“In 2000, Keith Devlin began investigating the life and contributions of Leonardo of Pisa, sometimes known as Fibonacci, a famous medieval mathematician whose book Liber abaci literally changed the course of human history. Fibonacci’s biggest contribution was as an expositor of mathematical concepts at a level that laypeople could grasp, despite the fact that he is most known for the Fibonacci numbers, which he didn’t actually create. Liber abaci, also known as the “Book of Calculation,” brought contemporary arithmetic to the Western world around 1202. However, following his passing, Fibonacci was mostly forgotten, and it wasn’t until the 1960s that his full contributions were eventually acknowledged.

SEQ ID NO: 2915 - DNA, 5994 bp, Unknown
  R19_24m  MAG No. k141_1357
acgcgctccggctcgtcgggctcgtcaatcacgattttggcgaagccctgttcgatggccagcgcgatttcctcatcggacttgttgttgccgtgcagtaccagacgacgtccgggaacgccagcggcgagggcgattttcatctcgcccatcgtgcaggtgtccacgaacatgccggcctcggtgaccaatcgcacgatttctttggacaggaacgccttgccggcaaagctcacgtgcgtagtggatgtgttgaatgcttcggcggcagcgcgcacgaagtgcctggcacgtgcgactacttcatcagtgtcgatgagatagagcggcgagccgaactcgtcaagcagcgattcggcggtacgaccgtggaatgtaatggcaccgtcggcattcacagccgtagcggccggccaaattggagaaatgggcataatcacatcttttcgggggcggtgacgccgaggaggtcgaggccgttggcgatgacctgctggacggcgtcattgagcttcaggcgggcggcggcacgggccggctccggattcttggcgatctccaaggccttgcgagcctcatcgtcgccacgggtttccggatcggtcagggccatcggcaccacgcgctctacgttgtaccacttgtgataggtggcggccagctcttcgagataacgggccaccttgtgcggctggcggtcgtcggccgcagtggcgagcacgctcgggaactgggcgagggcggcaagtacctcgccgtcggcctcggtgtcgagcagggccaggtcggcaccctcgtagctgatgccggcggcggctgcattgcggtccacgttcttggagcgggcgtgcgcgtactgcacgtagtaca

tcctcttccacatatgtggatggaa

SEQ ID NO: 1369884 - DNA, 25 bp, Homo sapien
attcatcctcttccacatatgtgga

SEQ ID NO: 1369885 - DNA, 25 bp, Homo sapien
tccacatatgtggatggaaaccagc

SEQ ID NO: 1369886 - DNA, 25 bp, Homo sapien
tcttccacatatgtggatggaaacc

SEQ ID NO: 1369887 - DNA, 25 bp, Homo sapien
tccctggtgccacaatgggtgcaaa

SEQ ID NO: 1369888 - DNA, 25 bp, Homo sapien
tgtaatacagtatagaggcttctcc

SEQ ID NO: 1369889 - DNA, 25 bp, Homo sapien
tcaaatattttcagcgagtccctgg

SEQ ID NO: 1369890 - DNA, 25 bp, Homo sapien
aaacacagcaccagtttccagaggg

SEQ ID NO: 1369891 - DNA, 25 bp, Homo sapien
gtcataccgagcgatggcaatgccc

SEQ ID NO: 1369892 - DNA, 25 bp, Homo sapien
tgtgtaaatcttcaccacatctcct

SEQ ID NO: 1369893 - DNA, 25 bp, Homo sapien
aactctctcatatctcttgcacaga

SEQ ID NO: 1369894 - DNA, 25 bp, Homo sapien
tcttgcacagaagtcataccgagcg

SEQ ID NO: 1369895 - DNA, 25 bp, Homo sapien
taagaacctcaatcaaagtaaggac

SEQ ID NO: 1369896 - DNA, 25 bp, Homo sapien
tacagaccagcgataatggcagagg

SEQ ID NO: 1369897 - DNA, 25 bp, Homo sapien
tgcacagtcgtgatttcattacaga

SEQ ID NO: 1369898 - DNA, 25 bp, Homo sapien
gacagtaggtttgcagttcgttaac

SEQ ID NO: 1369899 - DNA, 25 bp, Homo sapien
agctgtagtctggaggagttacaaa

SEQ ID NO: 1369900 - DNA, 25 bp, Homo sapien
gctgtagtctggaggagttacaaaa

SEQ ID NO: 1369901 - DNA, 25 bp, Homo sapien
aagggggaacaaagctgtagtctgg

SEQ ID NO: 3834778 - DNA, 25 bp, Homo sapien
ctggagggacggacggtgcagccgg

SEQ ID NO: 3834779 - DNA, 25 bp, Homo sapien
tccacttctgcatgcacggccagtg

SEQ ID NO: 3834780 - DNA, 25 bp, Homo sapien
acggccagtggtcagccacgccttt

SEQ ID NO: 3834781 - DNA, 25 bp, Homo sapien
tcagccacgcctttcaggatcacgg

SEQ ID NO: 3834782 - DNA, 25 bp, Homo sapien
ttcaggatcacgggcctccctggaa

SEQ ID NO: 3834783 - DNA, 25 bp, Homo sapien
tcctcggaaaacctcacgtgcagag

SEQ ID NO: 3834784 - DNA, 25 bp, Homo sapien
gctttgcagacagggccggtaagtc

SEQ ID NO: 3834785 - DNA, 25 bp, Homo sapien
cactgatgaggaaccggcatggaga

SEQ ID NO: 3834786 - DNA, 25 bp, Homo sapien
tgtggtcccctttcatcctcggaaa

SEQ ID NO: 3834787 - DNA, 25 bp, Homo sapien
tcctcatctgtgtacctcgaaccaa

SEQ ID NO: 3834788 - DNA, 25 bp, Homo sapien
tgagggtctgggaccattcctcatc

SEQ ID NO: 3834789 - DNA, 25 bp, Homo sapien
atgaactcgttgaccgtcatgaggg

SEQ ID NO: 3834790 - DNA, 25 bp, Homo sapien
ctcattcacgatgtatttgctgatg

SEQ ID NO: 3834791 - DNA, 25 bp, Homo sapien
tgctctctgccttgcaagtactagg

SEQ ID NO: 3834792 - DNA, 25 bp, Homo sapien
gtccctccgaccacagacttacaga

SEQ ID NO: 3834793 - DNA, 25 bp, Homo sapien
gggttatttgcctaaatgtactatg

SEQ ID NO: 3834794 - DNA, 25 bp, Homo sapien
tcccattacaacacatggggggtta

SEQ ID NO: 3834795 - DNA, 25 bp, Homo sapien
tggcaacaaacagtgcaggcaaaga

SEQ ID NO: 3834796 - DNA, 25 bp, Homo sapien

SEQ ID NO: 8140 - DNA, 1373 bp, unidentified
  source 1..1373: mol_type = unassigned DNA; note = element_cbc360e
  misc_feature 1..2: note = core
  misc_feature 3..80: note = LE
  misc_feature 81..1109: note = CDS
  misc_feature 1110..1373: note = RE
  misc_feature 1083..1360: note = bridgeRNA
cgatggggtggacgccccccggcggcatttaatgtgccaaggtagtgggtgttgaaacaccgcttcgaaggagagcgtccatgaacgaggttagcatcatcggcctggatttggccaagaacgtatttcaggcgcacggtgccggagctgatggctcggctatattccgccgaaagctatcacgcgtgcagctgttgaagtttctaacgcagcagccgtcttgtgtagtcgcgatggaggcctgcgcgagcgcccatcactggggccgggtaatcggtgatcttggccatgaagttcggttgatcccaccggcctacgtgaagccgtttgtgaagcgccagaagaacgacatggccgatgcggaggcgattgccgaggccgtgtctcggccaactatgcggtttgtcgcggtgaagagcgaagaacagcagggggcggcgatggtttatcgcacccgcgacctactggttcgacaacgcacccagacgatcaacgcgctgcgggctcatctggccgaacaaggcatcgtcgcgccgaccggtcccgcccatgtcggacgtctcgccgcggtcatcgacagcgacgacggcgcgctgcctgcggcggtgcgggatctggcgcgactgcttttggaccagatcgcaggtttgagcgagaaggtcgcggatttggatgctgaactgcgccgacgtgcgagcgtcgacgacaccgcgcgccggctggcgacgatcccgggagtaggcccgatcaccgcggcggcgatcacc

Devlin’s riveting first-person narrative of his ten-year search to convey Fibonacci’s tale, Finding Fibonacci, is available online. Devlin chronicled the project, a math expositor himself, in a diary, which he used to discuss the project’s highs and lows, its false beginnings and disappointments, the tragedies and unexpected turns, some amusing stories, and the infrequent lucky breaks. Also included are the fascinating characters Devlin came across along the road, people like the Yale professor who linked modern banking back to Fibonacci and the Italian historian who made the vital archive discovery that tied together all the disparate threads of Fibonacci’s amazing story.